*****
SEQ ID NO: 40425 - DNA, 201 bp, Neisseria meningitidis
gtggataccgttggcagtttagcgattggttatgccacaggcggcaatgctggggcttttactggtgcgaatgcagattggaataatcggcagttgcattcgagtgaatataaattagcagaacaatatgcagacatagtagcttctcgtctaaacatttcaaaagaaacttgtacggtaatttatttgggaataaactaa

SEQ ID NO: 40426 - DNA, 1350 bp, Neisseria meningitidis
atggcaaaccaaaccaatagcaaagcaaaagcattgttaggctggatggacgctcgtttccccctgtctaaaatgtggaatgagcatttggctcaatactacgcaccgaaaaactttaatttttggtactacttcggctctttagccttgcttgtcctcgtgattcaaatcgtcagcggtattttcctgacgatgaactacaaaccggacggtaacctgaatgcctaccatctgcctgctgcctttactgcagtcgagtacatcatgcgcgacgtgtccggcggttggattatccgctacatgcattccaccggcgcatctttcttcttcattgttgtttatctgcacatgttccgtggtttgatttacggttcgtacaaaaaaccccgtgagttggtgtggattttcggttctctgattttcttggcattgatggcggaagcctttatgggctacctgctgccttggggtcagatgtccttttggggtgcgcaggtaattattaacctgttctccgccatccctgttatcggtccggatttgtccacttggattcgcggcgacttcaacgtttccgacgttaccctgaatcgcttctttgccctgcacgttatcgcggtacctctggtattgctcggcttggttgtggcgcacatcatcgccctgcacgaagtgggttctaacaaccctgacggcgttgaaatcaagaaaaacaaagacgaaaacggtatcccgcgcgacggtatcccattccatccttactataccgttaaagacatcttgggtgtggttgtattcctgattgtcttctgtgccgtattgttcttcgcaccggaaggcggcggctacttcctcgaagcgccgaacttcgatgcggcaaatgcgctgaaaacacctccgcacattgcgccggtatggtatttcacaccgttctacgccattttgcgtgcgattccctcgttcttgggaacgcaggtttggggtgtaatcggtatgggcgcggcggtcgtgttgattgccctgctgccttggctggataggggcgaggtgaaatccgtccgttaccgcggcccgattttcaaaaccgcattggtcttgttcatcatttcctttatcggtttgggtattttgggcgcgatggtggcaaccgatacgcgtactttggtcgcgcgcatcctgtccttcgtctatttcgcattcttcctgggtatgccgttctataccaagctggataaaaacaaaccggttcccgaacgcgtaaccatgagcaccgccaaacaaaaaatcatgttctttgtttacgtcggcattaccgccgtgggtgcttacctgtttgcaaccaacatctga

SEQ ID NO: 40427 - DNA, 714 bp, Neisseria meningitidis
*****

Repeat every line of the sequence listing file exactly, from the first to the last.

SEQ ID NO: 40425 - DNA, 201 bp, Neisseria meningitidis
gtggataccgttggcagtttagcgattggttatgccacaggcggcaatgctggggcttttactggtgcgaatgcagattggaataatcggcagttgcattcgagtgaatataaattagcagaacaatatgcagacatagtagcttctcgtctaaacatttcaaaagaaacttgtacggtaatttatttgggaataaactaa

SEQ ID NO: 40426 - DNA, 1350 bp, Neisseria meningitidis
atggcaaaccaaaccaatagcaaagcaaaagcattgttaggctggatggacgctcgtttccccctgtctaaaatgtggaatgagcatttggctcaatactacgcaccgaaaaactttaatttttggtactacttcggctctttagccttgcttgtcctcgtgattcaaatcgtcagcggtattttcctgacgatgaactacaaaccggacggtaacctgaatgcctaccatctgcctgctgcctttactgcagtcgagtacatcatgcgcgacgtgtccggcggttggattatccgctacatgcattccaccggcgcatctttcttcttcattgttgtttatctgcacatgttccgtggtttgatttacggttcgtacaaaaaaccccgtgagttggtgtggattttcggttctctgattttcttggcattgatggcggaagcctttatgggctacctgctgccttggggtcagatgtccttttggggtgcgcaggtaattattaacctgttctccgccatccctgttatcggtccggatttgtccacttggattcgcggcgacttcaacgtttccgacgttaccctgaatcgcttctttgccctgcacgttatcgcggtacctctggtattgctcggcttggttgtggcgcacatcatcgccctgcacgaagtgggttctaacaaccctgacggcgttgaaatcaagaaaaacaaagacgaaaacggtatcccgcgcgacggtatcccattccatccttactataccgttaaagacatcttgggtgtggttgtattcctgattgtcttctgtgccgtattgttcttcgcaccggaaggcggcggctacttcctcgaagcgccgaacttcgatgcggcaaatgcgctgaaaacacctccgcacattgcgccggtatggtatttcacaccgttctacgccattttgcgtgcgattccctcgttcttgggaacgcaggtttggggtgtaatcggtatgggcgcggcggtcgtgttgattgccctgctgccttggctggataggggcgaggtgaaatccgtccgttaccgcggcccgattttcaaaaccgcattggtcttgttcatcatttcctttatcggtttgggtattttgggcgcgatggtggcaaccgatacgcgtactttggtcgcgcgcatcctgtccttcgtctatttcgcattcttcctgggtatgccgttctataccaagctggataaaaacaaaccggttcccgaacgcgtaaccatgagcaccgccaaacaaaaaatcatgttctttgtttacgtcggcattaccgccgtgggtgcttacctgtttgcaaccaacatctga

SEQ ID NO: 40427 - DNA, 714 bp, Neisseria meningitidis